Leftist former PM Milanovic wins Croatia presidential election

Zoran Milanovic gestures as he celebrates after first results were announced during the run-off of Croatia's presidential election in Zagreb, Croatia, January 5, 2020.
Zoran Milanovic gestures as he celebrates after first results were announced during the run-off of Croatia's presidential election in Zagreb, Croatia, January 5, 2020. Marko Djurica, Reuters

Leftist former prime minister Zoran Milanovic, who has pledged to make Croatia a tolerant country turning the page on its wartime past, won Sunday's presidential run-off vote, defeating the incumbent conservative leader.


Milanovic took 52.7 percent of the vote while President Kolinda Grabar-Kitarovic, who had tried to unite a fractured right-wing, garnered 47.3 percent, according to results based on vote count at nearly all polling stations released by the electoral commission.

The second-round election was held just days after Croatia took over the European Union's helm for a six-month period, which will be dominated by Brexit and the bloc's enlargement. 

At the same time, the EU's newest member is struggling with a mass exodus of its people, corruption and a lacklustre economy at home.

Grabar-Kitarovic campaigned on a slogan promoting "real Croatia", hinting she believes the ruling conservative HDZ party that backed her was the only one who can truly represent the country.

Milanovic, a Social Democratic, called such statements "very dangerous", and advocated for a "normal Croatia" as a liberal democracy which promotes equality for all citizens.

"Four million of us ... are looking for our place in Europe which is, despite all the problems, the nicest place to live, the most peaceful project in which Croatia must find its place and interest," Milanovic told supporters in Zagreb after his victory.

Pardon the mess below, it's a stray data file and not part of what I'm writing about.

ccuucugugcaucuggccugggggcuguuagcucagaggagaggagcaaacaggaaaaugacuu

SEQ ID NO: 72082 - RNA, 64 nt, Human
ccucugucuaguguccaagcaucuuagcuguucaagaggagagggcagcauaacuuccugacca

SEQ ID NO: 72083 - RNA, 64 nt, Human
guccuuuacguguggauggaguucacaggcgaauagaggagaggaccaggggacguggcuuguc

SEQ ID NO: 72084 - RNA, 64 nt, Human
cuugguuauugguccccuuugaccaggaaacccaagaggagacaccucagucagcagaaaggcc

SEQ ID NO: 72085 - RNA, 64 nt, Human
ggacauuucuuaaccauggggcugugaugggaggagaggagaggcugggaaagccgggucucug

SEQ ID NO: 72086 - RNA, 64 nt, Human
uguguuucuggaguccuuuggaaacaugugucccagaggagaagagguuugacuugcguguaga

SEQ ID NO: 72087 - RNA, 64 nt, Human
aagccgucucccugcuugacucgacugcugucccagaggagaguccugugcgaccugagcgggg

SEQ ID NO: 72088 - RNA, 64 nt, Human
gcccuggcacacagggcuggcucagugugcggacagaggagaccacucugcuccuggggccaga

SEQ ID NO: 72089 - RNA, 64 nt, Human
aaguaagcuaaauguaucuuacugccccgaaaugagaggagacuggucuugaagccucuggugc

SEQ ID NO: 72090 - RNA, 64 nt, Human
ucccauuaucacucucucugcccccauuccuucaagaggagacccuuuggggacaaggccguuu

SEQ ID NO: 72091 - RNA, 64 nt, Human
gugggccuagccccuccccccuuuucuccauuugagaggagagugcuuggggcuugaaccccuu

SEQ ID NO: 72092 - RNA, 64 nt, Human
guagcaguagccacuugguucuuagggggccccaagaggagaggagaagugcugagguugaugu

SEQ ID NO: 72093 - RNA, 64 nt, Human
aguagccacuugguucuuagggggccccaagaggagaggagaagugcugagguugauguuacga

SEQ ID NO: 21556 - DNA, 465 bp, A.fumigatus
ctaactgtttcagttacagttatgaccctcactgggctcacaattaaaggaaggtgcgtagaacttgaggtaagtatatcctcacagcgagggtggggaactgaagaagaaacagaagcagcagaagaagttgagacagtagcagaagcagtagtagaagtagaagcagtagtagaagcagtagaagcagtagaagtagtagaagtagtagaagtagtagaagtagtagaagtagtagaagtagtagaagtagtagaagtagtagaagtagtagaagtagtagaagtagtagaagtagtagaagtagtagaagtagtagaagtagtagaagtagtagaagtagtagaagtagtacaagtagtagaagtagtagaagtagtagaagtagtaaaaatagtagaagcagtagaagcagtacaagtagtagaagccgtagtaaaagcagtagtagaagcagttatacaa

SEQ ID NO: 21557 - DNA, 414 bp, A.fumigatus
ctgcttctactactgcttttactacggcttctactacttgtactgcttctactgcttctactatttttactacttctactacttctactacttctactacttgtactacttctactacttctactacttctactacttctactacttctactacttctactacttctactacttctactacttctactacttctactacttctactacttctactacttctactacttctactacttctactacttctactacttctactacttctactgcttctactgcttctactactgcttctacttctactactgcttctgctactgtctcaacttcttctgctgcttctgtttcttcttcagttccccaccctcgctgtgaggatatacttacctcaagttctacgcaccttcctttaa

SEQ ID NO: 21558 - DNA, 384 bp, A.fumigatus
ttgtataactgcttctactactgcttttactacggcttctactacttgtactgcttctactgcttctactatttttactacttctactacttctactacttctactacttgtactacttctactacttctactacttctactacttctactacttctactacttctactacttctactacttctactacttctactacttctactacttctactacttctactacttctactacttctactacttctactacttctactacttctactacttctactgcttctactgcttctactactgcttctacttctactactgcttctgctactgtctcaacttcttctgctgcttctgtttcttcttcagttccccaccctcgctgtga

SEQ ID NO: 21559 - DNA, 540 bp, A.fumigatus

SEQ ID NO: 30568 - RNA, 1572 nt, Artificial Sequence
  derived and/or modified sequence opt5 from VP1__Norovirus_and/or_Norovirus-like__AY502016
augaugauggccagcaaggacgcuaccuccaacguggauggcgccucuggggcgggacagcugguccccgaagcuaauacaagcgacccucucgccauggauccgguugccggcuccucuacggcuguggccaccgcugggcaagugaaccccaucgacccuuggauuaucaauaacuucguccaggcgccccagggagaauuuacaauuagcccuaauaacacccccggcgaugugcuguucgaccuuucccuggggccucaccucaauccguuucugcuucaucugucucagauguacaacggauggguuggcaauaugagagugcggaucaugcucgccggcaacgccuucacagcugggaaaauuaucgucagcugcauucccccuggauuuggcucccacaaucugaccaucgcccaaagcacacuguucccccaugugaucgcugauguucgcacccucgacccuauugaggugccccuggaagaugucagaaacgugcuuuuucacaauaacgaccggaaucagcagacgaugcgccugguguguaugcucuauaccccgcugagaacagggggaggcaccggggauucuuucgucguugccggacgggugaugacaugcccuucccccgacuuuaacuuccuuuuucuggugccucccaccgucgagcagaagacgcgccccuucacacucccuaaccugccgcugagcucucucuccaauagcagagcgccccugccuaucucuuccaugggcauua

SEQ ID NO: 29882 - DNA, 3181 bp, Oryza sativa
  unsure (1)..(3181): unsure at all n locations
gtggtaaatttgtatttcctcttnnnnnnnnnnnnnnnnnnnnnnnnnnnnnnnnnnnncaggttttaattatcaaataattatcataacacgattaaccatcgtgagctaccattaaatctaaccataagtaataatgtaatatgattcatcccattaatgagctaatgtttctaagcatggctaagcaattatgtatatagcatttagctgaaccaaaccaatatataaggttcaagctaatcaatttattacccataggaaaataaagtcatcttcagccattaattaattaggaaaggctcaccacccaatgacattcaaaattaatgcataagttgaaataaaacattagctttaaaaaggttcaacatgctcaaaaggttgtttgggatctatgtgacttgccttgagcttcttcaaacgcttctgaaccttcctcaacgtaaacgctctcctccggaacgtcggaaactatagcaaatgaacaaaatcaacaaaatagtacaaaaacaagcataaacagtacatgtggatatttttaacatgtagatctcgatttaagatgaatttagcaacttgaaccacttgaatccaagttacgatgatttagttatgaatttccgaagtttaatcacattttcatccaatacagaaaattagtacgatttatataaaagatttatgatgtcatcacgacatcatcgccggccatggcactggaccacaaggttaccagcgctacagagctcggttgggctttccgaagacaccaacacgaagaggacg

'United in differences' 

"Let's be united in (our) differences," the 53-year-old said.

In the campaign Milanovic stressed that the "wars are over", referring to Croatia's 1990s independence war that remains an emotive issue.

Grabar-Kitarovic, 51, the country's first female president, had tried but failed to lure back hardliners who had voted for a nationalist folk singer in the presidential election's first round in December.

She stressed unity, patriotism and references to the 1990s war in her re-election bid.

Conceding defeat on Sunday evening Grabar-Kitarovic promised a "civilised transfer" of power to Milanovic.

She stressed that "Croatia needs stability" and unity as "we are the strongest when we are together."

Analysts say that Milanovic, who dominated in the cities, also won thanks in part to the split among the right-wingers.

The election was viewed as a key test for the ruling HDZ party of moderate Prime Minister Andrej Plenkovic ahead of parliamentary elections later this year and Grabar-Kitarovic's loss was seen as a heavy blow.

"It will weaken the (HDZ) party" and harms Plenkovic's reputation, political analyst Tihomir Cipek said.

The prime minister is also facing the discontent of hardliners within the HDZ over his moderate policies.

Youngsters are leaving  

Grabar-Kitarovic presented herself as the "woman of the people" with humble farming roots, and is well known for stunts such as singing in public which her critics deride as embarrassing.

She also came under fire for downplaying the crimes committed by Croatia's World War II pro-Nazi regime. 

Meanwhile, Milanovic, premier from 2011 until 2016 whose government failed to push through much-needed reforms, sought to make a political comeback and throw off a reputation as arrogant and elitist.

He will now take office during Croatia's EU presidency where four main issues are likely to dominate -- the bloc's relationship with the UK after Brexit; the membership bids of Western Balkan states; climate change; and the bloc's budget framework for the next decade.

The Adriatic country joined the EU in 2013, but its economy, strongly relying on tourism, remains one of the bloc's weakest.

The EU's open borders also accelerated the exodus of its people to seek better pay in wealthier member states.

Many emigrants also cite corruption, nepotism and poor public services as reasons for leaving.

"Politicians are wrangling about the past and insignificant issues while my generation is leaving," said Maja Maric, a 20-year-old economy student. She said she voted for a "lesser evil".


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